Recreation vehicle, boat sales revved up in July

With COVID keeping Canadians closer to home this summer, sales of recreational vehicles, sporting equipment and home hardware items have soared, according to Statistics Canada data released Oct. 13.

The ‘staycation’ concept advocated by the tourism sector seems to have paid off as consumers had higher than normal spending on products to be enjoyed outdoors.

Spending on recreational vehicles was up 47.3% for July compared with July 2019; sporting and leisure categories were up 29.8%.

Leading the increase in the categories were new recreational boats (up 58.2%), new motorhomes, travel trailers and truck campers (up 47.4%) and hunting, fishing and camping equipment (up 40.2%).

Canadians were spending more around the home as well. Hardware and renovation supplies were up 83.3%, major home appliances up 20.2% and small home appliances up 41.3%.

National retail sales reached $57.2 billion dollars in July, up 4.8% compared with July 2019, Statistics Canada reported.

The national agency said the increase marked the second consecutive increase in year-over-year sales for the sector, with sales reported in 12 of the 19 commodity categories monitored.

The agency said advance estimates for August provided by the Monthly Retail Trade Survey suggest unadjusted total retail sales increased by 1.7%. The agency cautioned the figure is preliminary and subject to revision.

StatsCan said Canadians’ new habit of eating at home has persisted for the fifth consecutive month with sales of food showing the largest year-over-year with an increase at 12.1%.

And, food and beverage sales accounted for just over one-quarter (25.9%) of all retail receipts in July, up from 24.1% in July 2019. But, while those sales continue to represent a larger than average market share, that share declined considerably from the record high seen in April (38.0%).

The product sector’s largest gains were seen in:
• fresh fruit and vegetables (+14.5%);
• fresh meat and poultry (+14.7%); and
• eggs and dairy products (+14.4%).

Beverage sales were up 14.8%, led by alcohol, up 14.3% from a year earlier.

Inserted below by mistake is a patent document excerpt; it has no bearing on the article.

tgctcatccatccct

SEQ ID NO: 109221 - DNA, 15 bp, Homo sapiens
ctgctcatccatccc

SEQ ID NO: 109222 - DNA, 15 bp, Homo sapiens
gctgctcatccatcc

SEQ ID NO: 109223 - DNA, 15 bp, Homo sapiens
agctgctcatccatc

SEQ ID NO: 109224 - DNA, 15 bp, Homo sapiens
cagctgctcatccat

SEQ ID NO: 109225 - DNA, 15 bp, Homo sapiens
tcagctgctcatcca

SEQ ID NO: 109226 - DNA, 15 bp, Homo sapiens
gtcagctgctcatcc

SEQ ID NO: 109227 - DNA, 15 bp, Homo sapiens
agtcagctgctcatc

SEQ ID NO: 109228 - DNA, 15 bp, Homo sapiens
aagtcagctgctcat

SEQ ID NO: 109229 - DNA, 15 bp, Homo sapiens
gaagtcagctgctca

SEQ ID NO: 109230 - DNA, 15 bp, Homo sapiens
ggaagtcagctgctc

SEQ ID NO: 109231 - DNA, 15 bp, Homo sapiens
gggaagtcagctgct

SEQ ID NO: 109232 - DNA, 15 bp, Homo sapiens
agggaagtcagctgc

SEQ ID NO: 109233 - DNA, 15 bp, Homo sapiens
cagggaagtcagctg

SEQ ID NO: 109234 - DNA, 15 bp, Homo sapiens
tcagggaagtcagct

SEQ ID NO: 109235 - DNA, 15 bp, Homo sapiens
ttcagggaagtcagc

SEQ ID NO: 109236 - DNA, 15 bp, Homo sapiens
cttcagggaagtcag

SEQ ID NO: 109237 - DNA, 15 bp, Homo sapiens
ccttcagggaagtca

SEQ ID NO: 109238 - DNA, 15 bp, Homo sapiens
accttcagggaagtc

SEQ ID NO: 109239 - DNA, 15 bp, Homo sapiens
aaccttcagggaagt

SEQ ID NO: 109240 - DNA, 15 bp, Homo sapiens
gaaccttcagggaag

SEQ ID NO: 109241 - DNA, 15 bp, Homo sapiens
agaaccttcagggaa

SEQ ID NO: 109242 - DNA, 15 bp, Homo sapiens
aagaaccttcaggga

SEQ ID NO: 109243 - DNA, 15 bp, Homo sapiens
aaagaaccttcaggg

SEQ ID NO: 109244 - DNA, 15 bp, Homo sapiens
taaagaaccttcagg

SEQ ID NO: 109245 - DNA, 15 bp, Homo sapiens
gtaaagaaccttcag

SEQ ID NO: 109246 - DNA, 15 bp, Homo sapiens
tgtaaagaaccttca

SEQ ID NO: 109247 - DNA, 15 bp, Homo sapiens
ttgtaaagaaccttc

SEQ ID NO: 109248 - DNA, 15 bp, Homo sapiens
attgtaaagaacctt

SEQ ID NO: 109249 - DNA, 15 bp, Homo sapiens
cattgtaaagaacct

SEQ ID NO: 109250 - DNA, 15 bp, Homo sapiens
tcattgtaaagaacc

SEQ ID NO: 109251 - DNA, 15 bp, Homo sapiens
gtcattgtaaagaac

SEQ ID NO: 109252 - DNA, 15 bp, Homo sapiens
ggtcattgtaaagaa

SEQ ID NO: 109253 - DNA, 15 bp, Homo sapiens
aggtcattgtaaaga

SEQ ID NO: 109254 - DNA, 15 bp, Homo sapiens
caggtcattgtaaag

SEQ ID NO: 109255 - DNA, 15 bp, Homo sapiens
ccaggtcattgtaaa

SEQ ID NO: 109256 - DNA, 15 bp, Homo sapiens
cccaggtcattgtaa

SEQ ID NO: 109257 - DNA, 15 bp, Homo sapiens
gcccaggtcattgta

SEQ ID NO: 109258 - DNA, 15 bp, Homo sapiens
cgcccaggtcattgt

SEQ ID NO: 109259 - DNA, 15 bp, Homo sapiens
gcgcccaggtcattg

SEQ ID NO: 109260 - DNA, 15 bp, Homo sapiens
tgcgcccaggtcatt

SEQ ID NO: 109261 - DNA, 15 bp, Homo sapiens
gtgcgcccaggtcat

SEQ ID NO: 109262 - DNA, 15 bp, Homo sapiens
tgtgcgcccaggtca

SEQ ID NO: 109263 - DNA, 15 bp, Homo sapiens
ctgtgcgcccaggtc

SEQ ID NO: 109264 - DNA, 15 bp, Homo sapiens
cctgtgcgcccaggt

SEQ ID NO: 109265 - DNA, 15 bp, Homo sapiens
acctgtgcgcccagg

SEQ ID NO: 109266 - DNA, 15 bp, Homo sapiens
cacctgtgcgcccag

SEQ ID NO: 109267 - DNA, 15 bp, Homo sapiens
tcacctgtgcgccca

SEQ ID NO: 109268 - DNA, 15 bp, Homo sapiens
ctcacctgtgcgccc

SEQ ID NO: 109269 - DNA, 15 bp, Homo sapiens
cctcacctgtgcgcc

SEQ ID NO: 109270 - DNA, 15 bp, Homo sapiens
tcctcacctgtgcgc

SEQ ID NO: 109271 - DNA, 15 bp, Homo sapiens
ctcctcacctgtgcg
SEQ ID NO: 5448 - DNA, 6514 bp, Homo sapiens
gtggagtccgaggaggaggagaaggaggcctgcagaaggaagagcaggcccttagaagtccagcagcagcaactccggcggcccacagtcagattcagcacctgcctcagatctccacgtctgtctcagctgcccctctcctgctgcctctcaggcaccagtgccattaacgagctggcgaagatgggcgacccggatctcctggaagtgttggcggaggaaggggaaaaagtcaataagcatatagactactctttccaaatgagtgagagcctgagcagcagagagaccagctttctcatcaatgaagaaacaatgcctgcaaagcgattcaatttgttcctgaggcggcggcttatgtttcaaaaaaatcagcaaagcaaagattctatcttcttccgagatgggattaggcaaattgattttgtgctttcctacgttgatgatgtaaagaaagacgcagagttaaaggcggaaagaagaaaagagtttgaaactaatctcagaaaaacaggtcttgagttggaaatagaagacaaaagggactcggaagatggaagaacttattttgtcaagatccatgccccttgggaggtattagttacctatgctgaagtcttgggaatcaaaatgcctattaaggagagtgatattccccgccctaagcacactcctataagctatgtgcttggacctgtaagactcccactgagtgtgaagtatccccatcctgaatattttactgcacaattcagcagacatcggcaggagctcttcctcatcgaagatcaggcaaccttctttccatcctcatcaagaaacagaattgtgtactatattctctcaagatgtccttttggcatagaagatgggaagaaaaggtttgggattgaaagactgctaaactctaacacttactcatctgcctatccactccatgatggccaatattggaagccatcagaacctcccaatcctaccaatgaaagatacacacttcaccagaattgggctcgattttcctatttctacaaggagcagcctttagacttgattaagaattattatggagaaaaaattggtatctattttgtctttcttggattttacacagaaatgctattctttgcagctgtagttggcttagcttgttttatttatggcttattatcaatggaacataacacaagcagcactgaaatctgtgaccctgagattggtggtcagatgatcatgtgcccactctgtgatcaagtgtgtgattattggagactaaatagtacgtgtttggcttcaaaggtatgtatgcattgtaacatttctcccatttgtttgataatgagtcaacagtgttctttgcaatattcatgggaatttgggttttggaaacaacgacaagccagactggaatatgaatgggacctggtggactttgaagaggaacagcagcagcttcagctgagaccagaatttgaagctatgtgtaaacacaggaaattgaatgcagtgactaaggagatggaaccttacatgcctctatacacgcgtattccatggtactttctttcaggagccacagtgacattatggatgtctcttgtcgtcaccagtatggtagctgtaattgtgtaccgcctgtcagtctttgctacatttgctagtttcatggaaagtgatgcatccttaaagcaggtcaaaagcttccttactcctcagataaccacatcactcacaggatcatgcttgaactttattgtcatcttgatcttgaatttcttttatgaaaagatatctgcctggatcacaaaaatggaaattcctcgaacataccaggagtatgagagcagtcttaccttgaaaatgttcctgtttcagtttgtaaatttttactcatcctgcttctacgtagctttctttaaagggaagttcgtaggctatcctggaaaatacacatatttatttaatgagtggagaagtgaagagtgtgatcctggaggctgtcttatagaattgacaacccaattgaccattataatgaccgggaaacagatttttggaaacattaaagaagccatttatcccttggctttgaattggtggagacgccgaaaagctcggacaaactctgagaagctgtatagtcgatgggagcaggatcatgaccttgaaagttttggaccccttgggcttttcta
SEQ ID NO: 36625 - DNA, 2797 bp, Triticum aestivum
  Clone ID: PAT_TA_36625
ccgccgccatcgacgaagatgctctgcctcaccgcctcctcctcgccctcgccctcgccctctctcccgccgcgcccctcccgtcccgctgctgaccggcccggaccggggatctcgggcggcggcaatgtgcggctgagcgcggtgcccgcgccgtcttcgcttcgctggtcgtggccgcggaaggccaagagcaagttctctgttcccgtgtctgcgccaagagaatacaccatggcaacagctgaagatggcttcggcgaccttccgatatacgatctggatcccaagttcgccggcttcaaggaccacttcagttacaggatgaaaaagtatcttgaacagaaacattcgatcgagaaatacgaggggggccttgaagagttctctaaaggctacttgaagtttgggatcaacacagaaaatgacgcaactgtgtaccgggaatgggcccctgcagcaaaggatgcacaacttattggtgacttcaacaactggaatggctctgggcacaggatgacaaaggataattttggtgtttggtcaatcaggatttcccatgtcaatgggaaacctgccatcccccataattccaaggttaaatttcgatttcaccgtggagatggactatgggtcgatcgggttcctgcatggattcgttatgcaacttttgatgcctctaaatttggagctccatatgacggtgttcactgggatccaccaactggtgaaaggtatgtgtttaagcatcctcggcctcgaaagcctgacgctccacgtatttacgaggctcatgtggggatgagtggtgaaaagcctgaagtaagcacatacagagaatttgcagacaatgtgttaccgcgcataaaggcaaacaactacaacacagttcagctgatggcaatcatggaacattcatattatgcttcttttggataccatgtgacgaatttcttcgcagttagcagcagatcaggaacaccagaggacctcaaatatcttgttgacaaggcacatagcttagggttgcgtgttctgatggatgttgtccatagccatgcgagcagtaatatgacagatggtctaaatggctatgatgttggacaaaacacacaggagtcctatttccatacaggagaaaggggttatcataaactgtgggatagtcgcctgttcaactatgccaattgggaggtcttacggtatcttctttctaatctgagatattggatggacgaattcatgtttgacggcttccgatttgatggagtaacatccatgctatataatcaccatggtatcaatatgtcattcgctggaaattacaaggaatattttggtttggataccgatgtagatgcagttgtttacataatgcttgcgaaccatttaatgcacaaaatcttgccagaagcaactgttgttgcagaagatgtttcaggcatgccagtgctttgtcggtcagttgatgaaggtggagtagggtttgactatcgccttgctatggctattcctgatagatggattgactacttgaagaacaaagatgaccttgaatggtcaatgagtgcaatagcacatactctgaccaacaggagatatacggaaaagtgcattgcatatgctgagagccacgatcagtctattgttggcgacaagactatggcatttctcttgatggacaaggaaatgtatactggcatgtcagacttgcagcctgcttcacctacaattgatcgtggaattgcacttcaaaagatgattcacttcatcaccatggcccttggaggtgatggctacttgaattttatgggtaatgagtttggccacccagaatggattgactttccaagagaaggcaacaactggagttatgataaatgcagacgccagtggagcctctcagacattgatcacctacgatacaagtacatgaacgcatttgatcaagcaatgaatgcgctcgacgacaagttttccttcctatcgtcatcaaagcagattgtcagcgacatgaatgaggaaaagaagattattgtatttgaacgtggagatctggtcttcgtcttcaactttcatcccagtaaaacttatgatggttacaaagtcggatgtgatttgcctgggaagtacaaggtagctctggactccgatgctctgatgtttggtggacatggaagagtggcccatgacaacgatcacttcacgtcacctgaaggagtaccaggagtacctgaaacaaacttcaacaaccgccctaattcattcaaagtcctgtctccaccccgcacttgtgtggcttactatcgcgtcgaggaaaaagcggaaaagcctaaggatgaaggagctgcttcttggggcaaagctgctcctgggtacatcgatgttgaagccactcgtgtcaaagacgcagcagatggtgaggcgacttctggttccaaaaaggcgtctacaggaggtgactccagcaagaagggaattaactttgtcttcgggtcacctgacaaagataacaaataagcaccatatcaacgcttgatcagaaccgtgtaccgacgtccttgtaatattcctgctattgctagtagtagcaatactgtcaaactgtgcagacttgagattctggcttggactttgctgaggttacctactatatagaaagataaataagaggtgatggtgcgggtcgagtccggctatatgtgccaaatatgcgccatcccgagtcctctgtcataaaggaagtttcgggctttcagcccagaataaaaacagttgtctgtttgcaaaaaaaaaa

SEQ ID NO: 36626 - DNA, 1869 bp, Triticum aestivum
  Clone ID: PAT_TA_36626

But, as people stayed home, sales of automotive and household fuels represented the sector’s largest decline, down 22.4%.

The agency said the decline was primarily due to automotive fuels, with sales at the pump down $1.1 billion on a year-over-year basis.

And, while some consumer spending has begun a rebound, motor vehicle sales continued to lag in July, down 1.3% from a year prior.

It was new vehicle sales holding back the category, with sales decreasing 4.9%. This was the fifth straight month of negative growth in this category.

Consumers continued to look for deals in the used car market, which saw its second consecutive month of positive growth, up 13.1% in June and 4.6% in July.

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Covid-19 Cases Are Back To July Levels, And Rising Fast

Here we go again. Seven months into the coronavirus pandemic, Covid-19 numbers are going in the wrong direction in 29 of 50 states.

Despite President Trump saying repeatedly that Covid-19 is “going away,” the data shows that the virus is not going anywhere.

The U.S. is seeing widespread increases in Covid-19 cases at the same level the country was at just after the July 4th holiday weekend, prior to the big summer surge. This has public health experts concerned that the country is heading for a third spike.

“We have a baseline of infections that vary between 40 and 50 thousand per day,” Dr. Anthony Fauci, the nation’s top infectious disease expert, told CNBC’s Shepard Smith yesterday. “That’s a bad place to be when you’re going into the cooler weather of the fall and the colder weather of the winter.”

Meanwhile, domestic air travel has been ticking up, too. Last month, the Transportation Security Administration (TSA) screened more than 900,000 passengers on just two days, both during Labor Day weekend, according to the agency’s throughput data. The TSA has already hit that milestone on four days in October, and the month isn’t even half over.

For Americans trying to figure out whether it’s safe to take an upcoming business or leisure trip during the latest surge, several excellent tools can help make sense of the trends.

If your travel dates are imminent, turn to the Covid-19 risk-assessment map run by Harvard Global Health Institute and Brown School of Public Health. The color-coded map provides an easy way for Americans to assess how quickly the disease is spreading in a state or county. Each community has a rating of green, yellow, orange or red, based upon the number of new daily cases of Covid-19 per 100,000 people over a seven-day rolling average.

With coronavirus hot spots sprawling across the Midwest and Mountain West, nearly one in three states is now colored red, meaning the community is “at a tipping point” for Covid-19 infections. The number of high-risk states has jumped from four to 13 in the past month.

If your trip is still a week or more away, there is a better metric to look at. According to Dr. Fauci, the best predictor of the next hot spot is a rising positivity rate. You can consult Johns Hopkins University’s Covid-19 tracking map to find out which states are most likely to turn into hot spots.

MORE FROM FORBESTravel Tool: This Map Can Predict The Next Covid-19 Hot Spots

Right now, a whopping 25 states — exactly half the country — have reported rising

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